ARDC lodges eight-count complaint against Forest Park attorney

By Rhys Saunders | Oct 21, 2013

The Illinois Attorney Registration and Disciplinary Commission has accused a Chicago area lawyer of charging several clients fees, but not properly representing them.

The Illinois Attorney Registration and Disciplinary Commission has accused a Chicago area lawyer of charging several clients fees, but not properly representing them.

The ARDC on Oct. 4 filed an eight-count complaint against Joseph Preston Harris, of Joseph P. Harris and Associates in Forest Park.

The counts, which date back to 2007, are similar in nature in that they allege Harris of neglecting his duties to represent his clients.

This isn’t Harris’ first run-in with the ARDC.

He was suspended from the practice of law in 1999 for nine months after a panel of the ARDC Hearing Board found Harris had forged the notarization of an affidavit in 1997 and was convicted of perjury a year later.

Among the allegations most recently levied against Harris was one in which he is accused of neglect during his representation a woman in an employment discrimination suit.

Angela Williams asserts that Harris agreed in July 2007 to represent her in a discrimination case for a contingency fee of one-third of a court award and a $1,000 advance toward his costs, according to the ARDC documents.

Harris allegedly filed Williams’ discrimination suit in October 2008 in federal court, but failed to appear for several status hearings and did not meet U.S. District Judge Joan Gottschall’s discovery order deadline.

Williams also claims that Harris did not return several of her calls to his office.

In April 2009, according to ARDC documents, Gottschall dismissed Williams’ suit for want of prosecution.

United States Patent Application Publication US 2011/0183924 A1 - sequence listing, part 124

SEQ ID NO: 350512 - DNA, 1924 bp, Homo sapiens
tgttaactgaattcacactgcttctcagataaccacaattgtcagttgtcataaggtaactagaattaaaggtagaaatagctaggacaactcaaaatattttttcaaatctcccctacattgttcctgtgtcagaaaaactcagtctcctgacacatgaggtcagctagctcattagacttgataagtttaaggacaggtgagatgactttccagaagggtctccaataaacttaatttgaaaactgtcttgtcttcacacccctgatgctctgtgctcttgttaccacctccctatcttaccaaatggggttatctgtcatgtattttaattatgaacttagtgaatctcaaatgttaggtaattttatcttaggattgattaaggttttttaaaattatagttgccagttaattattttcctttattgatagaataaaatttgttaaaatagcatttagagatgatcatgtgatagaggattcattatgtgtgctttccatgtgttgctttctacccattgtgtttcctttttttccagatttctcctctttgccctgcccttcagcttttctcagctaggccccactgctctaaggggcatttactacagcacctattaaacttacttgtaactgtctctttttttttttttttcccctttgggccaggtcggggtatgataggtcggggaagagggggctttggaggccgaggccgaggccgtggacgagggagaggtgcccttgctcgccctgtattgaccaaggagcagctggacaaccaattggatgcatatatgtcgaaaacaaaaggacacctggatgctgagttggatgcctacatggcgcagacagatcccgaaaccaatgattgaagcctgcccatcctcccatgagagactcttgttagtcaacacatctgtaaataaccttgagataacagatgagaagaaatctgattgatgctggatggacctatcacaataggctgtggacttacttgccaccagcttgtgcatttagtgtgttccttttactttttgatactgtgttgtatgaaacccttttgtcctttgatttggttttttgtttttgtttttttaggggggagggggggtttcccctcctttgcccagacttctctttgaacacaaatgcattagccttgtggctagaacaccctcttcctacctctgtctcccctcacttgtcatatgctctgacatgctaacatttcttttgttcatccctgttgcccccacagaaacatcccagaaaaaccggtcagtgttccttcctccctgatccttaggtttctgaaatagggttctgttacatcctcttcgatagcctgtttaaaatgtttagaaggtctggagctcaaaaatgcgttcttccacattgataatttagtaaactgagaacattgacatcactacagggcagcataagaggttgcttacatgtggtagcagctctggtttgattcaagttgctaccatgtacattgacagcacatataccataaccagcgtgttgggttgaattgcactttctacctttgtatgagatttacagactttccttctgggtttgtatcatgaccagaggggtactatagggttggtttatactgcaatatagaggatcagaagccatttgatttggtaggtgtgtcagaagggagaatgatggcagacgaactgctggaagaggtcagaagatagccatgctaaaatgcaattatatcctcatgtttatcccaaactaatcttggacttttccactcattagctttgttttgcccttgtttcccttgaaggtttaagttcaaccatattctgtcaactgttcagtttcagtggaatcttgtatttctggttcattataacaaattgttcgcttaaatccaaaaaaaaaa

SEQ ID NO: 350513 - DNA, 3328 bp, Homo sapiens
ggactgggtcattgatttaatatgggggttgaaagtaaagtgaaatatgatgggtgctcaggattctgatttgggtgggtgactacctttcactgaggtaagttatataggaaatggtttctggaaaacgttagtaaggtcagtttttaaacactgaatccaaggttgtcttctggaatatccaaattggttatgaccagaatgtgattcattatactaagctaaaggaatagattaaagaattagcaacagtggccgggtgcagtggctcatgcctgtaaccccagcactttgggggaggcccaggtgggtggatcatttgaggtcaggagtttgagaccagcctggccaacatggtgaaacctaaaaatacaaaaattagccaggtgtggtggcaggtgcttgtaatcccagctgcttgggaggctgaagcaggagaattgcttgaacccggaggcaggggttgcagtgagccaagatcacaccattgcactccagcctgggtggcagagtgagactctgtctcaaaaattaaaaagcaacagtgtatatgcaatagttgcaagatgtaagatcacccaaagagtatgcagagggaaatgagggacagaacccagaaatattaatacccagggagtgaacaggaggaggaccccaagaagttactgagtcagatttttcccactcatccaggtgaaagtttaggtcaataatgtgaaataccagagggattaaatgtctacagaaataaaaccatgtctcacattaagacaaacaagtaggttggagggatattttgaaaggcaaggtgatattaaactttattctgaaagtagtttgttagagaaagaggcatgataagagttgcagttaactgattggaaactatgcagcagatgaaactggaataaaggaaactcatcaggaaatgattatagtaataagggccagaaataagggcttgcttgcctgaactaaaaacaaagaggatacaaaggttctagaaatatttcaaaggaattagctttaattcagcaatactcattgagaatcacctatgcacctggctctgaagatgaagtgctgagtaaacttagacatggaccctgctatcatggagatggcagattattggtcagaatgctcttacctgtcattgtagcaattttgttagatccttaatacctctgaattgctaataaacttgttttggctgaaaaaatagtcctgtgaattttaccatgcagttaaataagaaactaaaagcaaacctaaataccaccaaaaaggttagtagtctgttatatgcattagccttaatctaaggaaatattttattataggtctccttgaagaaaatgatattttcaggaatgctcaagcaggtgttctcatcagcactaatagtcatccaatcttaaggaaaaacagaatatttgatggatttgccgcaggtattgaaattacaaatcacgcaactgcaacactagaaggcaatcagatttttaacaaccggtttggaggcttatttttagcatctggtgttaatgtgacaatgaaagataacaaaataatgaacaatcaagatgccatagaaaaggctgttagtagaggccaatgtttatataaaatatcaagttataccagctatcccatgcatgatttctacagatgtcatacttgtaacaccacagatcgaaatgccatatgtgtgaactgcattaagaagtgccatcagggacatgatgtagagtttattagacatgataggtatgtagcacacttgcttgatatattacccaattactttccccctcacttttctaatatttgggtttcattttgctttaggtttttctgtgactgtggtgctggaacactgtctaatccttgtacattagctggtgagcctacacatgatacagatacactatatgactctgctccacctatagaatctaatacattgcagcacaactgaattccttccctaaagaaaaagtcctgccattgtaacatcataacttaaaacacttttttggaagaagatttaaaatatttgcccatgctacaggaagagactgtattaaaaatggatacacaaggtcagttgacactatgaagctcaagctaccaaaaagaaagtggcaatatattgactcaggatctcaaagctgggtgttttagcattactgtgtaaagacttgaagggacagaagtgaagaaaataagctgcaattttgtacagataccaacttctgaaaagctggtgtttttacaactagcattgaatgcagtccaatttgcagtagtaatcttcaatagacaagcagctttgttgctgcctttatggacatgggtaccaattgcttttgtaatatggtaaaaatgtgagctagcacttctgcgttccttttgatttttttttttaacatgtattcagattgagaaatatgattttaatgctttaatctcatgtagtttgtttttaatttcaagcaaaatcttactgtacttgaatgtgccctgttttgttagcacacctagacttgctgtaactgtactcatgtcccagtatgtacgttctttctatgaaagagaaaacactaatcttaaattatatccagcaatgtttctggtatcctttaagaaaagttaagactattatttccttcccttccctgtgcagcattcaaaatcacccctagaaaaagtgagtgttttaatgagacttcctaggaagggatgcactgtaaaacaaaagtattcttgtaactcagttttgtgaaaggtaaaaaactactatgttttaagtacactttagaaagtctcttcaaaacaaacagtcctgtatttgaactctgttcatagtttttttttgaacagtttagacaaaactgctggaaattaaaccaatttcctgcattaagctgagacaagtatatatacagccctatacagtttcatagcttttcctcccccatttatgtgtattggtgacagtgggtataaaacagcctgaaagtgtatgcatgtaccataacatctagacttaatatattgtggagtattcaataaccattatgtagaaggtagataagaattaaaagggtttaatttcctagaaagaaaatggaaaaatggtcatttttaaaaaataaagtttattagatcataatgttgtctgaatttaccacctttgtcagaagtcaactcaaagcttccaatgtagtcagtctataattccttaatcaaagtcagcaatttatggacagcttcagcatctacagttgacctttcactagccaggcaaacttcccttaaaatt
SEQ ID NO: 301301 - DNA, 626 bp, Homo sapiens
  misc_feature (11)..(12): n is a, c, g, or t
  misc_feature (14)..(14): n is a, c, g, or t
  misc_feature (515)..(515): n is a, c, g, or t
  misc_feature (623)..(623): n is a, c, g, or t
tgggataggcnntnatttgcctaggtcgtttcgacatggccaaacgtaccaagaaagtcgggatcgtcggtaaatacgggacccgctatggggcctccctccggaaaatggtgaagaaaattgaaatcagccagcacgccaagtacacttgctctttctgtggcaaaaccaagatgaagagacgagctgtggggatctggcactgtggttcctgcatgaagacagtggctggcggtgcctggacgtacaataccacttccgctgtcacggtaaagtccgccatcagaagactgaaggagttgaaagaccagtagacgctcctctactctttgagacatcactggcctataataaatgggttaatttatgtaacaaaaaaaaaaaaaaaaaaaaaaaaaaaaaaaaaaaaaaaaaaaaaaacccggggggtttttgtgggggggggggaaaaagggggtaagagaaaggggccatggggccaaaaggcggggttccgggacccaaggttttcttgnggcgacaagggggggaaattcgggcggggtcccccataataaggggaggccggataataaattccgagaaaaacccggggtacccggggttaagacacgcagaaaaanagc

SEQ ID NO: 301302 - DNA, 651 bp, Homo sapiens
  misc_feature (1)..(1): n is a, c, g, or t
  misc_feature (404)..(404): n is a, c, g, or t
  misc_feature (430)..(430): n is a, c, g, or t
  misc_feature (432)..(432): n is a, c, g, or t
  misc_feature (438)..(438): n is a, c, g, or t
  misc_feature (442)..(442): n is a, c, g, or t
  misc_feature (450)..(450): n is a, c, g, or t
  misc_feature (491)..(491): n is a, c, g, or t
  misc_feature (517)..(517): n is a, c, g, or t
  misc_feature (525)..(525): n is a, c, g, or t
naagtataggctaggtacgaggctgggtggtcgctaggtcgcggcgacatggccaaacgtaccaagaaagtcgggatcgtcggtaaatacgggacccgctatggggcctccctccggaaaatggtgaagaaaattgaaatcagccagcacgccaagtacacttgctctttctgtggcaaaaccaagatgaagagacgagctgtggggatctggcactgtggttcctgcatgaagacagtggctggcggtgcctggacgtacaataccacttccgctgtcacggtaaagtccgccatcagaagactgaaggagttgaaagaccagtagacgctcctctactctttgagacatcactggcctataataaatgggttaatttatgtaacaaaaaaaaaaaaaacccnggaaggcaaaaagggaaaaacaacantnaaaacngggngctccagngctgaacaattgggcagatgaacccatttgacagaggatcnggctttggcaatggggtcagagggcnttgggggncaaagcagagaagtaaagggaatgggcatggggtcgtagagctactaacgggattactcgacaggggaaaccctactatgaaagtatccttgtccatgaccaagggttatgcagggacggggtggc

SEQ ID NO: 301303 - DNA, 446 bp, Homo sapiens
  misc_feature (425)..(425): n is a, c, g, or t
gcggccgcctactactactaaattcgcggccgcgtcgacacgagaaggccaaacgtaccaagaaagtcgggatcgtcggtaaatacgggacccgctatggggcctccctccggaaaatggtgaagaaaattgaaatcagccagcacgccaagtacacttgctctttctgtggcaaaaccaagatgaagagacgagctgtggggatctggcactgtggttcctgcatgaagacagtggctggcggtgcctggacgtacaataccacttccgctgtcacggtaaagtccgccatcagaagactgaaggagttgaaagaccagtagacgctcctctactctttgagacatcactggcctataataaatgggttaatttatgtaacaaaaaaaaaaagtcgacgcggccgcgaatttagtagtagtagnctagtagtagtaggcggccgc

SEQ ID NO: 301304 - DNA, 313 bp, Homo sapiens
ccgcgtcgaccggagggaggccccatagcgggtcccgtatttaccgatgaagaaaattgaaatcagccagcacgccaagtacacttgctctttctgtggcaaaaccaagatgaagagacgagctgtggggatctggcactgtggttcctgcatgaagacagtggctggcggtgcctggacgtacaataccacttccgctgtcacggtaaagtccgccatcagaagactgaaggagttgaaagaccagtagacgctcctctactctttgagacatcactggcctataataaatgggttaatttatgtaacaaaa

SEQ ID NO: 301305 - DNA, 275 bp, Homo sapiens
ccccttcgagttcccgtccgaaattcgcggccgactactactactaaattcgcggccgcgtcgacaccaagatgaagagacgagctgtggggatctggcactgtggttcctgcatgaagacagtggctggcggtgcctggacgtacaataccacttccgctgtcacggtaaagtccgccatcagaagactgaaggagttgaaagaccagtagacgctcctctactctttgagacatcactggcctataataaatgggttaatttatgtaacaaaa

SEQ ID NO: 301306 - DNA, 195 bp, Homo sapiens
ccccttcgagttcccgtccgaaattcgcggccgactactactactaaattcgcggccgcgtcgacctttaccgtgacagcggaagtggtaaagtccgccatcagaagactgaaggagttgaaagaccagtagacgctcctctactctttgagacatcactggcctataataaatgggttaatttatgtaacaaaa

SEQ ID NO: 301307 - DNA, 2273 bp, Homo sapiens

The ARDC accuses Harris of failing to act with reasonable diligence and promptness in representing his client; failing to keep his client reasonably informed about the status of her matter; failing to reduce a contingent fee agreement to writing; and engaging in conduct that is prejudicial to the administration of justice.

Another count of the ARDC complaint against Harris accuses him of breaching his fiduciary duty by representing both the buyer and seller in a property sale without notifying the seller that he was also representing the buyer.

Harris was retained by an elderly minister, Neal Green, to sell an eight-flat building located on West Jackson Boulevard in Chicago.

According to the complaint, Harris then entered into an agreement with another minister, Harold Richmond, who was interested in buying Green’s property and offered to pay any legal fees that Green could not afford to pay Harris.

Harris helped Green sell the West Jackson Boulevard property to Richmond for $300,000, according to ARDC documents that note the property was valued at between $600,000 and $700,000 at the time of sale.

The complaint asserts that Harris did not disclose to Green that he was also representing Richmond, who Harris declined to represent in previous matters because he “suspected Mr. Richmond fabricated a deed.”

“At the time of the discussions between Mr. Green and Mr. Richmond, Mr. Green was 73 years of age, had a third-grade education and modest liquid assets,” the ARDC asserts in its complaint.

The six other counts against Harris accuse him of neglect in foreclosure and loan modification matters; neglect/failure to supervise insurance and loan modification matters; failure to supervise an employee; and breach of fiduciary.

The supervisory allegations stem from Harris’ partnership with James Lee, a non-lawyer who was a full-time employee in his law office.

Harris and Lee, according to the ARDC, identified Lee to clients as a loan officer or mortgage broker, although Lee’s broker’s license had lapsed before his employment with Harris began in 2010.

Lee allegedly maintained a bank account for business and personal purposes, in which he deposited client fee payments in several of the aforementioned cases. The ARDC accuses Harris of knowing about the payments to Lee’s account.

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